There are various theories that guide the psychosomatic model in our times, highlighting the complexity of the reality of the problems and the need for an interdisciplinary and multidisciplinary vision. Although it is a way of understanding medicine referring to the concept of disease, it is usually associated in a restricted way with a group of diseases that are variable but superimposable according to many tendencies to the somatoform disorders of DSM-IV-TR, the result of the influence of American origins, where it is equated with the somatopsychic, defined as a psychic alteration that causes organic symptoms through the somatic nervous system (mainly vegetative). The DSM-V criteria for the diagnosis of disorders with somatic symptoms continue to be incomplete because they do not take into account disease behaviors, such as denial of disease or experimental avoidance, which can be very important in the effect on quality of life of patients, for example, in pain, or in palliative care [5, 9].

Circumscribing the psychosomatic as a psychological disorder that generates a physical effect, causing some consequence in the body, although practical, would limit our analysis, since psychosomatic medicine as an integrative science, always tries to overcome itself, fleeing from partial or reductionist visions for integrate the manifestations of the biological, psychological, social world in the understanding of the human being, that is, the support of the good doctor or health professional, whose objective is to help the sick person, integrating the humanistic essence. Possibly for this reason, Laín Entralgo, already defined it as “an orientation of Medicine that is characterized by including in each medical act and in each clinical judgment, the consideration of unconscious emotions that contribute to each patient configuring a sick person in a situation different”.

Palliative care (PC) is a relatively new field with which a good part of the health system professionals are not familiar, despite its importance. Callahan reminds us in a paradigmatic article in the New England Journal of Medicine, that the main goals of today’s medicine are not only to diagnose and treat diseases, but also, and equally important, to help die in peace. The English word “care” has its root in the goth term “Kara”, which means to grieve, suffer, cry out in pain. The one who really cares must join the other person in his suffering (caring is assisting). Paliar derives from “pallium” (from the Latin “under the Canopy”) which means mitigating the violence of certain diseases by making them more bearable. Palliative care is to attend, with the intention of making the patient’s coexistence with their disease more comfortable.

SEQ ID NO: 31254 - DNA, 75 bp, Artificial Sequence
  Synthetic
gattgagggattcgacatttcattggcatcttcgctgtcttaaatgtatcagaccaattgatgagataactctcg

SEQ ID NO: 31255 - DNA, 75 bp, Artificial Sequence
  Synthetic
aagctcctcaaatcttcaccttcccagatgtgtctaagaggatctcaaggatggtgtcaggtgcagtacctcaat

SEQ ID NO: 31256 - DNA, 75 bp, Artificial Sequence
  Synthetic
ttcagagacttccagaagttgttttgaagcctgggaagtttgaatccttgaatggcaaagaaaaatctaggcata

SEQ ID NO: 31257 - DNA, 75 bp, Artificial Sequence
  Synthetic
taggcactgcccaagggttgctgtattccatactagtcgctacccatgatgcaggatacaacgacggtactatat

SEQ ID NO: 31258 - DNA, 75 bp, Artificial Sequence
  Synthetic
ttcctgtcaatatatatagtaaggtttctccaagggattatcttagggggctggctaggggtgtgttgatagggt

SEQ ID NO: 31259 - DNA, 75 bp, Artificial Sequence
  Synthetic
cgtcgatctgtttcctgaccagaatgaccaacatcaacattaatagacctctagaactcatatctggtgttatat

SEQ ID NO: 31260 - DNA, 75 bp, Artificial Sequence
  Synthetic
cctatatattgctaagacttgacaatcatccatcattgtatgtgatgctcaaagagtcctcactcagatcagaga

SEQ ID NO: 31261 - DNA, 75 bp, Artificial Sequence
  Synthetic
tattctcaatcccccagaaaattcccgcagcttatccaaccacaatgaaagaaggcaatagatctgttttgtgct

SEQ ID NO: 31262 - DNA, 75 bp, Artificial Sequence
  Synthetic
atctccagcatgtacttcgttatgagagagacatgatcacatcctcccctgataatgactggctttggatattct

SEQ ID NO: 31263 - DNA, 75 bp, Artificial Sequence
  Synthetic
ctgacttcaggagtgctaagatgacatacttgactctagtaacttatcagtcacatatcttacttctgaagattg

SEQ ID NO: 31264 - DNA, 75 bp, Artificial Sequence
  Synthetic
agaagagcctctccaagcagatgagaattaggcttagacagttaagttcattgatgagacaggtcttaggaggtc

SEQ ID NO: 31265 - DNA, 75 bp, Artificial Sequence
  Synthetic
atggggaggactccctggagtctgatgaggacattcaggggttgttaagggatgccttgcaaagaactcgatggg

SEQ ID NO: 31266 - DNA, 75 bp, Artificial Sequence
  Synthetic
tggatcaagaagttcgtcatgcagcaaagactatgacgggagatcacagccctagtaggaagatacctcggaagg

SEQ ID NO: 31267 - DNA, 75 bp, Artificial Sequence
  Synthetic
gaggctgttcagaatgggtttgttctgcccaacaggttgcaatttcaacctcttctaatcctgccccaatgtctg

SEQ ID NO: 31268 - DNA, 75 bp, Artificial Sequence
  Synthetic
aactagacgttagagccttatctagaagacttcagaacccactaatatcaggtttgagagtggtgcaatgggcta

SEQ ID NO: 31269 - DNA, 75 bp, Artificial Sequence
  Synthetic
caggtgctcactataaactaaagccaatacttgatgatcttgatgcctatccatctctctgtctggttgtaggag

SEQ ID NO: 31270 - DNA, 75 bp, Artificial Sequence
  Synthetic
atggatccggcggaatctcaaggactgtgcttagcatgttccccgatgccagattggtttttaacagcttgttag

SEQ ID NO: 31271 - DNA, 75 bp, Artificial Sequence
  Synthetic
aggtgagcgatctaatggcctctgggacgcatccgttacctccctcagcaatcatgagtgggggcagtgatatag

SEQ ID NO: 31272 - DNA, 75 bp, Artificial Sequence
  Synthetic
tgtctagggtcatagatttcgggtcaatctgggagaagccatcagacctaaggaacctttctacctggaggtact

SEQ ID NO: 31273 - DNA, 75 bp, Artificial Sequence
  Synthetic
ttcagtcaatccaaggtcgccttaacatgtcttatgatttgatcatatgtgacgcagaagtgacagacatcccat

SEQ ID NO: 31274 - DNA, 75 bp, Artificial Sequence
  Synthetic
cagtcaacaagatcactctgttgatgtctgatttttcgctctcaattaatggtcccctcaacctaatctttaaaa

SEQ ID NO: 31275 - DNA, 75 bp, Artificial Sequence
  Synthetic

Palliative care or “Hospice” care, as they were called from their origin in the fifth century, since they were carried out in hospices, led to the great modern movement in the United Kingdom in the 1960s–1970s of the twentieth century with Cicely Saunders as main figure and after expand to the rest of Europe, North America. The Hospice concept refers more to the physical structure of an organization, and PC would be a special type of care designed to provide well-being and support to patients and their families, in the final stages of a terminal illness (currently called advanced disease). Palliative Medicine from its first steps highlights two important aspects of medical ethics: respect for the weak and evicted, and recognition of the finite nature of curative medicine.

Emphasize that palliative care offers the most basic of the concept of caring, covering the needs of the patient and their family regardless of where they are being cared for or the evolutionary stage of the underlying disease. They affirm life considering death as a normal biological process, that is, the final part of the life process (biography of the subject). Therefore, they seek to preserve the best possible quality of life to the end without accelerating or delaying death. This improvement in the quality of life of patients and their families is achieved by facing the many problems associated with a fatal disease through the prevention and relief of suffering, identifying early, assessing and using adequate treatments for pain and other physical, psychological, social and spritual problems. Its application, when necessary, ranges from the diagnosis of the disease to the death of the patient, continuing with the care of the family in mourning [10, 11].

Determining which diseases are subsidiary to PC is complex, although it is currently based on the well-known McNamara list, the recommendations of the National Hospice Organization (NHO) of 1996 and the NECPAL CCOMS-ICO© instrument, which basically includes the following diseases [12, 13, 14, 15]:

  • Cancer.

  • Advanced chronic heart disease.

  • Advanced chronic kidney failure.

  • Advanced liver failure (liver cirrhosis).